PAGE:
Force host clock sync or update using public NTP

How to force host clock sync or update using public NTP ?

This tutorial guides you on how to force host clock sync or update with public NTP using ntpdate command or by setting up NTP and configuring host to sync with public NTP.

Force host clock sync or update using public NTP

Force host clock sync or update using public NTP

I was using Ubuntu development VM and which uses as NTP Time server and it is not in sync with the browser (local windows machine) as it was using as NTP server.

And I need to keep these two (Ubuntu machine and local Windows machine) host clock sync or to make it to use same public NTP with date and time synchronized. Therefore, I can do some performance testing to measure elapsed time for the data packets to travel end-to-end.

Note, I was not able to change the NTP Time Server to point to different from as it is office laptop and I don’t have permissions to do so. Hence, I decided to force the ubuntu host clock sync to the same NTP Time server as that of Windows which is

Force a clock sync or update using ntpdate

You can force clock update using ntpdate command. You need to follow the below steps to do the same.
First, make sure that you had installed ntpdate package.
sudo apt-get install ntpdate

If you had installed NTP service and if it is up and running, make sure that you stop before you force update clock settings using ntpdate command. Otherwise you may get the error “can’t open the socket (port 123 UDP) and connect to ntp server.”

sudo service ntp stop

Then run the following command to change the host’s clock settings.

sudo ntpdate

Finally, start the ntp service.

sudo service ntp start

That’s it. You’r host clock is synced to public NTP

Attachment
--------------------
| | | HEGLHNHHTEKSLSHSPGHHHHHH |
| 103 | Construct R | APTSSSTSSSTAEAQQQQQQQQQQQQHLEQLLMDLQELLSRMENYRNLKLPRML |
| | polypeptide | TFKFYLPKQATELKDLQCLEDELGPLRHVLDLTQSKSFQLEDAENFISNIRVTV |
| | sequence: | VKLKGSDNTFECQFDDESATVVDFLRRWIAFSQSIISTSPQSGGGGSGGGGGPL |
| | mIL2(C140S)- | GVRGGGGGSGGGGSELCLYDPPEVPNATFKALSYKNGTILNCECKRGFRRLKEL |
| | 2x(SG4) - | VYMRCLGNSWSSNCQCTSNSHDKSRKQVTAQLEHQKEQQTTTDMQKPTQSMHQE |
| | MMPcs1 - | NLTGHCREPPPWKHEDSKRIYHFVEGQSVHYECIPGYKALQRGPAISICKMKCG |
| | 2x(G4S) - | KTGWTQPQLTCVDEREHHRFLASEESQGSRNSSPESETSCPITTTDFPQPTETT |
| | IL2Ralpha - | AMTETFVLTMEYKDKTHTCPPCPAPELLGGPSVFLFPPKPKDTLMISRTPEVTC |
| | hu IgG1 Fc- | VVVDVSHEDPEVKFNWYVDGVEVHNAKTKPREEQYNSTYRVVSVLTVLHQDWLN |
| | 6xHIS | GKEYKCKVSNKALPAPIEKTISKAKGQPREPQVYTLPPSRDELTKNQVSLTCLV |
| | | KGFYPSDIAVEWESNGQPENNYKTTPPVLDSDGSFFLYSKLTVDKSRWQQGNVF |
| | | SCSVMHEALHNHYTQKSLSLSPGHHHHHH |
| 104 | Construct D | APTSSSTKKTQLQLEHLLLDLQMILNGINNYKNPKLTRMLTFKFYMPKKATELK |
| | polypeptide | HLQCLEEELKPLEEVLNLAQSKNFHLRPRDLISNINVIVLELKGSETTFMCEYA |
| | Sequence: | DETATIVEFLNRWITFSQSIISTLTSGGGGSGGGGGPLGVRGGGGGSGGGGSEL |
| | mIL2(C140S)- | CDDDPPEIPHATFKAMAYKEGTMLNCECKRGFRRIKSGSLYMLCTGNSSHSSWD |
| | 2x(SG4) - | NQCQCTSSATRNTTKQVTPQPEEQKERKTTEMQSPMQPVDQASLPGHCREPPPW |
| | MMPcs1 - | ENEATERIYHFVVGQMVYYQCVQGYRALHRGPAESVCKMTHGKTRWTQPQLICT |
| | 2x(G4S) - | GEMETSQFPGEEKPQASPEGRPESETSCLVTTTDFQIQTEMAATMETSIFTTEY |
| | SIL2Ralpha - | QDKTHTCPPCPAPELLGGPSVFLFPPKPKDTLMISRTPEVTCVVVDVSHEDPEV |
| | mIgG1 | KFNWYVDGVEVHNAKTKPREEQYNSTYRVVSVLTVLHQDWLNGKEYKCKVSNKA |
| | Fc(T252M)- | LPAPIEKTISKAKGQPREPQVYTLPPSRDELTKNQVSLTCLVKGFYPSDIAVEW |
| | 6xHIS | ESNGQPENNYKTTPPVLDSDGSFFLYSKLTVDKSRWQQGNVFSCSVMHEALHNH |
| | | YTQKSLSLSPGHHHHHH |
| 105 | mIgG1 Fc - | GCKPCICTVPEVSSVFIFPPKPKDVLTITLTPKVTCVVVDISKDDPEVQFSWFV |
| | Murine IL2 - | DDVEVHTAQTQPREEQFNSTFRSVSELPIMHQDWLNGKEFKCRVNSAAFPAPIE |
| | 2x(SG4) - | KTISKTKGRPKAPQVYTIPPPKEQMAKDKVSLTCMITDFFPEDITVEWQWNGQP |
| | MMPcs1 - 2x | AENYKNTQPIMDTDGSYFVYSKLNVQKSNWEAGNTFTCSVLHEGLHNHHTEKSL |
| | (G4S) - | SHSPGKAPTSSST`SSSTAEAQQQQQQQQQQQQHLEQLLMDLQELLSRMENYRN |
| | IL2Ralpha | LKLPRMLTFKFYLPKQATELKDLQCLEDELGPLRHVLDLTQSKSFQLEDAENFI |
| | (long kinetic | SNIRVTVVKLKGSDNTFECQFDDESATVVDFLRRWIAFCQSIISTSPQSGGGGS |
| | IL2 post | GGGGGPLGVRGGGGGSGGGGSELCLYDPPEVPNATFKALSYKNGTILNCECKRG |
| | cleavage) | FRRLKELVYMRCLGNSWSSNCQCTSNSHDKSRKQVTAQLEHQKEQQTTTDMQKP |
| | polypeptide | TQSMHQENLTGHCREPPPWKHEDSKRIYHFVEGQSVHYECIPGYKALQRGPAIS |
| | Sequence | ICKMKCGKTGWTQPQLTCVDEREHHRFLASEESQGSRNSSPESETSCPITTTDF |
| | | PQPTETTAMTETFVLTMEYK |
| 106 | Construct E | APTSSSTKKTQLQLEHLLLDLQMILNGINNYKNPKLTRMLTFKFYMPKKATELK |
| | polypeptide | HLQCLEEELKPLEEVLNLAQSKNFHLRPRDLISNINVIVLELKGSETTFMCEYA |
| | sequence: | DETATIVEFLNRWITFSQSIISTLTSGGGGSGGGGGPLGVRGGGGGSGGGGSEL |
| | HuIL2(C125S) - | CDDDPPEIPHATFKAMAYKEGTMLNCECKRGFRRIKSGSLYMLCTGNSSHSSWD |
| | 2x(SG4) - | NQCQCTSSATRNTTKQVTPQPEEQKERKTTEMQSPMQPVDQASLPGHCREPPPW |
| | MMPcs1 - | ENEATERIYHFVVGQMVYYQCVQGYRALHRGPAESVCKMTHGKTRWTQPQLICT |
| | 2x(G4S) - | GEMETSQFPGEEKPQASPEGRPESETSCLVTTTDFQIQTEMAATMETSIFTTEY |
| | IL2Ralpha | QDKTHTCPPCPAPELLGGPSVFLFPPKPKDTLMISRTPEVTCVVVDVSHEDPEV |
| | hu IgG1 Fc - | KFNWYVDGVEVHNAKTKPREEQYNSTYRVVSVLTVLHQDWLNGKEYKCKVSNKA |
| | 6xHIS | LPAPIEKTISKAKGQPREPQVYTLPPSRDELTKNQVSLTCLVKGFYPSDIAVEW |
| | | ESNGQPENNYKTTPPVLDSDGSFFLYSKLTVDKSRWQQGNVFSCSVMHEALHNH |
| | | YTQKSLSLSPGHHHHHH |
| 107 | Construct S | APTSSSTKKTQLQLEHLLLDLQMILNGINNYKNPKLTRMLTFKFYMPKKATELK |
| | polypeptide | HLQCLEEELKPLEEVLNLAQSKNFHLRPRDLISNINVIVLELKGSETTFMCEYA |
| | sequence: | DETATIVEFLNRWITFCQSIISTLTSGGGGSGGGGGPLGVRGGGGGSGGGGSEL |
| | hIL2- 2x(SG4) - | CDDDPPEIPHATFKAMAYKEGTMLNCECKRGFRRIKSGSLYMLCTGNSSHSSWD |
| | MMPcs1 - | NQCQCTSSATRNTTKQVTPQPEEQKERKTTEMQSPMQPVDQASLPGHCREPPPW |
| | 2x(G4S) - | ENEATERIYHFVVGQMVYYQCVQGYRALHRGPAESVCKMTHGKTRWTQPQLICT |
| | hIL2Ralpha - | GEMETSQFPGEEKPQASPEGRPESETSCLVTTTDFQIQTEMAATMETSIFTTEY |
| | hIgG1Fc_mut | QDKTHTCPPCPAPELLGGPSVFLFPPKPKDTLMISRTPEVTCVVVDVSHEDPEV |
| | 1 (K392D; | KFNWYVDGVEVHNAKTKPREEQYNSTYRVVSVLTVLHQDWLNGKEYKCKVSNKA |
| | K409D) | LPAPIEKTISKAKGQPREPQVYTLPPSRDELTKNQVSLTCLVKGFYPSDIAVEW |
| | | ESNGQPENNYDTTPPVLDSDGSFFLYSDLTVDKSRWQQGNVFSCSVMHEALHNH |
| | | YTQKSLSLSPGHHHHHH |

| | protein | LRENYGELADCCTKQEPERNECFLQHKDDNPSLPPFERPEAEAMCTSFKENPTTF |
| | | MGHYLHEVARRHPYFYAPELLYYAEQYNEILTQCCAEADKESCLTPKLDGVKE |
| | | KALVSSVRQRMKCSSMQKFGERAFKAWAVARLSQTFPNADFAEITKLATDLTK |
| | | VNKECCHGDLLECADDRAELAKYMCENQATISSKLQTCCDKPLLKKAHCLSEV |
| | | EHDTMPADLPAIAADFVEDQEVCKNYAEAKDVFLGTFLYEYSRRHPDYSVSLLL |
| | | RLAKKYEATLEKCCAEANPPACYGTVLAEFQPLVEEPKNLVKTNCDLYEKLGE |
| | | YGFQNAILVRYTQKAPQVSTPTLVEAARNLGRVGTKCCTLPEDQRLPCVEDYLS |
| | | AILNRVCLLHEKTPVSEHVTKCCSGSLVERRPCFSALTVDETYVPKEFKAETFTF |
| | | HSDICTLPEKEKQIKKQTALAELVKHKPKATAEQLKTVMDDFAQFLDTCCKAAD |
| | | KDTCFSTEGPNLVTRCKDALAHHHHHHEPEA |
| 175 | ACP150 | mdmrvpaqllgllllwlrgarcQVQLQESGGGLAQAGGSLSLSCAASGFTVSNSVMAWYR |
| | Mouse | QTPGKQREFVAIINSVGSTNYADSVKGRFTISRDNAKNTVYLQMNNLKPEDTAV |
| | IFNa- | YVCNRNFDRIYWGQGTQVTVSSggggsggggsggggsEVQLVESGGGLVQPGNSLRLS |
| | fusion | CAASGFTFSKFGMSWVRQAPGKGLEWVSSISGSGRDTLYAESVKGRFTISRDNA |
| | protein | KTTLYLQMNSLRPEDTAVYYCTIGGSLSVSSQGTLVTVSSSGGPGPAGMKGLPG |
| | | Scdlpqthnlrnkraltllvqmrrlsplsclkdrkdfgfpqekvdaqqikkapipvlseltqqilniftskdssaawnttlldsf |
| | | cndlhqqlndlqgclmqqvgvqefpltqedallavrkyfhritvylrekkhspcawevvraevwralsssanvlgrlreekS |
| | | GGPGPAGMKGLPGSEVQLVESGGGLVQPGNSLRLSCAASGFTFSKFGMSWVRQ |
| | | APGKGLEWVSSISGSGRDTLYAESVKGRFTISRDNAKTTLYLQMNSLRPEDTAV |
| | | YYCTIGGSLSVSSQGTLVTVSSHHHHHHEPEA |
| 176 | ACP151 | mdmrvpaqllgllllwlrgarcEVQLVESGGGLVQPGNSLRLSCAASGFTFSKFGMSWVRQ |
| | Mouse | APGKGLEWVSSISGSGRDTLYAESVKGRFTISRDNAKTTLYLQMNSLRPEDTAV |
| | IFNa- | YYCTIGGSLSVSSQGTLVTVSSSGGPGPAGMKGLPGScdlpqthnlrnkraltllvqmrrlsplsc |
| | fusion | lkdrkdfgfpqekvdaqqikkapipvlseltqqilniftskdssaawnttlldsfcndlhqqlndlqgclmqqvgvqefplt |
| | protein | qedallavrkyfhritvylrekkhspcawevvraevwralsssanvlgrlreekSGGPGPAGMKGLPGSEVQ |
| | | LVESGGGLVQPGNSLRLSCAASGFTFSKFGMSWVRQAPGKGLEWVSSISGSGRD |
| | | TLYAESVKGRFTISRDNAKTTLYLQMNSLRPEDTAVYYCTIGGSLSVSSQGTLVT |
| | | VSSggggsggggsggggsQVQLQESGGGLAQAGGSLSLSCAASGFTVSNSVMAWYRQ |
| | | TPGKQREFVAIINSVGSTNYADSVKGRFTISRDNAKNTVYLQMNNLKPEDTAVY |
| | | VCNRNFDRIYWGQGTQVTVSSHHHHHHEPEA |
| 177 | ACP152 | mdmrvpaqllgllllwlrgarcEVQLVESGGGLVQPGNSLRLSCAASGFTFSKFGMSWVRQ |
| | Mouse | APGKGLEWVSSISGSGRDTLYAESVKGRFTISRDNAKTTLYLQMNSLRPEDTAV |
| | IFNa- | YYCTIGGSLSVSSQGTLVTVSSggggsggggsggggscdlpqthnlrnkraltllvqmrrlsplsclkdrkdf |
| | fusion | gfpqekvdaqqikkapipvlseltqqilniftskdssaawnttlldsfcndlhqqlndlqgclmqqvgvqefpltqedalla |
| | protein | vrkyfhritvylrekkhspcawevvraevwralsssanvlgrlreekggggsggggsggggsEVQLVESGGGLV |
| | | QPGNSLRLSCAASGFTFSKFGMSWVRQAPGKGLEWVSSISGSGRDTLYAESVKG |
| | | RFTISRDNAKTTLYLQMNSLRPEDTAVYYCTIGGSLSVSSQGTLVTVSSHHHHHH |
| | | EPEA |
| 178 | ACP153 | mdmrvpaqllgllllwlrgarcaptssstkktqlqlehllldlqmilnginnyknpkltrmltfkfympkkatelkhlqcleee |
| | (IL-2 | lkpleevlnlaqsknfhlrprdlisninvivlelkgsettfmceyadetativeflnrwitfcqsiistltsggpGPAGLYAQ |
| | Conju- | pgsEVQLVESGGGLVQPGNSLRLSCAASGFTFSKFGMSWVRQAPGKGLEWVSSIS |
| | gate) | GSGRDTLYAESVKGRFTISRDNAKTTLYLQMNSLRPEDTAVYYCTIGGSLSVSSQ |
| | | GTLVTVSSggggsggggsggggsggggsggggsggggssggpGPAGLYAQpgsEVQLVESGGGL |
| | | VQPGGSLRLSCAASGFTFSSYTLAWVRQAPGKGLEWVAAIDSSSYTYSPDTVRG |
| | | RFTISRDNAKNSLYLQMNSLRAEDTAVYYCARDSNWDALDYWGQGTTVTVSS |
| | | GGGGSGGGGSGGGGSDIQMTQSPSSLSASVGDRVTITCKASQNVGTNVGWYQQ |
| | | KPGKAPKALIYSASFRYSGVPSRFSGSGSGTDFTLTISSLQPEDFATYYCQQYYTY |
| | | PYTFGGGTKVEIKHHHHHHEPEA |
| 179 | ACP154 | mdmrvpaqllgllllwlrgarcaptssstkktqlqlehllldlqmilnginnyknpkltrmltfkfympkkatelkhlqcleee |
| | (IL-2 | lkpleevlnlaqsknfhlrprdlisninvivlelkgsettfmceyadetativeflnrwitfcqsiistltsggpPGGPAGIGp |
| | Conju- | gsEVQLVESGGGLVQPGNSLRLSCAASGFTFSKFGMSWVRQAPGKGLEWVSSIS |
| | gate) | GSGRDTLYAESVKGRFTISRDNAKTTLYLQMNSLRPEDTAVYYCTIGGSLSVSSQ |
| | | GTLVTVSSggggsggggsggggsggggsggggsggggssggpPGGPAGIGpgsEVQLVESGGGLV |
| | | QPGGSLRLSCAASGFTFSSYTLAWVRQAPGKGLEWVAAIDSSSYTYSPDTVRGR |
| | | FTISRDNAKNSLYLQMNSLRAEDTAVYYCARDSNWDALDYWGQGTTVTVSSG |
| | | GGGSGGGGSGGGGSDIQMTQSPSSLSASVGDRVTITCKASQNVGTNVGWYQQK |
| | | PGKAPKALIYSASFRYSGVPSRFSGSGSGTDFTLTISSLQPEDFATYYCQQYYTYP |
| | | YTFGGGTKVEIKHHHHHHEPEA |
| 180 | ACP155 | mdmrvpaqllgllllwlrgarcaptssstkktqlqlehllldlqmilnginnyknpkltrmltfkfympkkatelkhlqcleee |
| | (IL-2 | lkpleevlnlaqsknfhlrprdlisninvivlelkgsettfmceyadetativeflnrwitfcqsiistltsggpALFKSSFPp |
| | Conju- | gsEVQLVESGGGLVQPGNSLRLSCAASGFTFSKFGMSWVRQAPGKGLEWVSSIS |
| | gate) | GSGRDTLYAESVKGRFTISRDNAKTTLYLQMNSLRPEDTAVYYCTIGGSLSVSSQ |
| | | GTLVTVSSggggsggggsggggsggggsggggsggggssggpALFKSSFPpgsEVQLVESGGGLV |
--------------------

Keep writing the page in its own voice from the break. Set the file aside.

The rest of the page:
Setup NTP and configure host to sync with public NTP

If you had not installed NTP or alternatively you can setup NTP and configure host to synchronize with a public NTP Server.

First, you need to install and configure NTP Server on Ubuntu Server. To install NTP on ubuntu follow the below steps.
1: Install ntp
sudo apt-get install ntp

2: Check status of ntp Stop ntp service

sudo service ntp status

Stop the service

sudo service ntp stop

3: Edit ntp.conf file to update the required public NTP server settings i.e., the public NTP server that you would like to synchronize your host clock.

sudo nano /etc/ntp.conf

Comment out the NTP servers (configurations starts with pool*) listed. And add the following NTP server configuration: pool as shown below.

# /etc/ntp.conf, configuration for ntpd; see ntp.conf(5) for help

driftfile /var/lib/ntp/ntp.drift

# Leap seconds definition provided by tzdata
leapfile /usr/share/zoneinfo/leap-seconds.list

# Enable this if you want statistics to be logged.
#statsdir /var/log/ntpstats/

statistics loopstats peerstats clockstats
filegen loopstats file loopstats type day enable
filegen peerstats file peerstats type day enable
filegen clockstats file clockstats type day enable

# Specify one or more NTP servers.

# Use servers from the NTP Pool Project. Approved by Ubuntu Technical Board
# on 2011-02-08 (LP: #104525). See for
# more information.
#pool iburst
#pool iburst
#pool iburst
#pool iburst

# Use Ubuntu's ntp server as a fallback.



4: Finally, check if host clock is updated with public NTP time server

$ ntpq -p
     remote           refid      st t when poll reach   delay   offset  jitter
============================================================================== .POOL.          16 p    -   64    0    0.000    0.000   0.001
+ (css       2 u  481 1024  377  295.347    3.033   0.542
* (css       2 u  820 1024  377  200.277    0.553   1.168
+ (ntp       2 u  255 1024  377  289.660   -0.653   0.762

That’s it, you had forced host clock to sync with the public NTP Time server.

Hope this article is helpful 🙂

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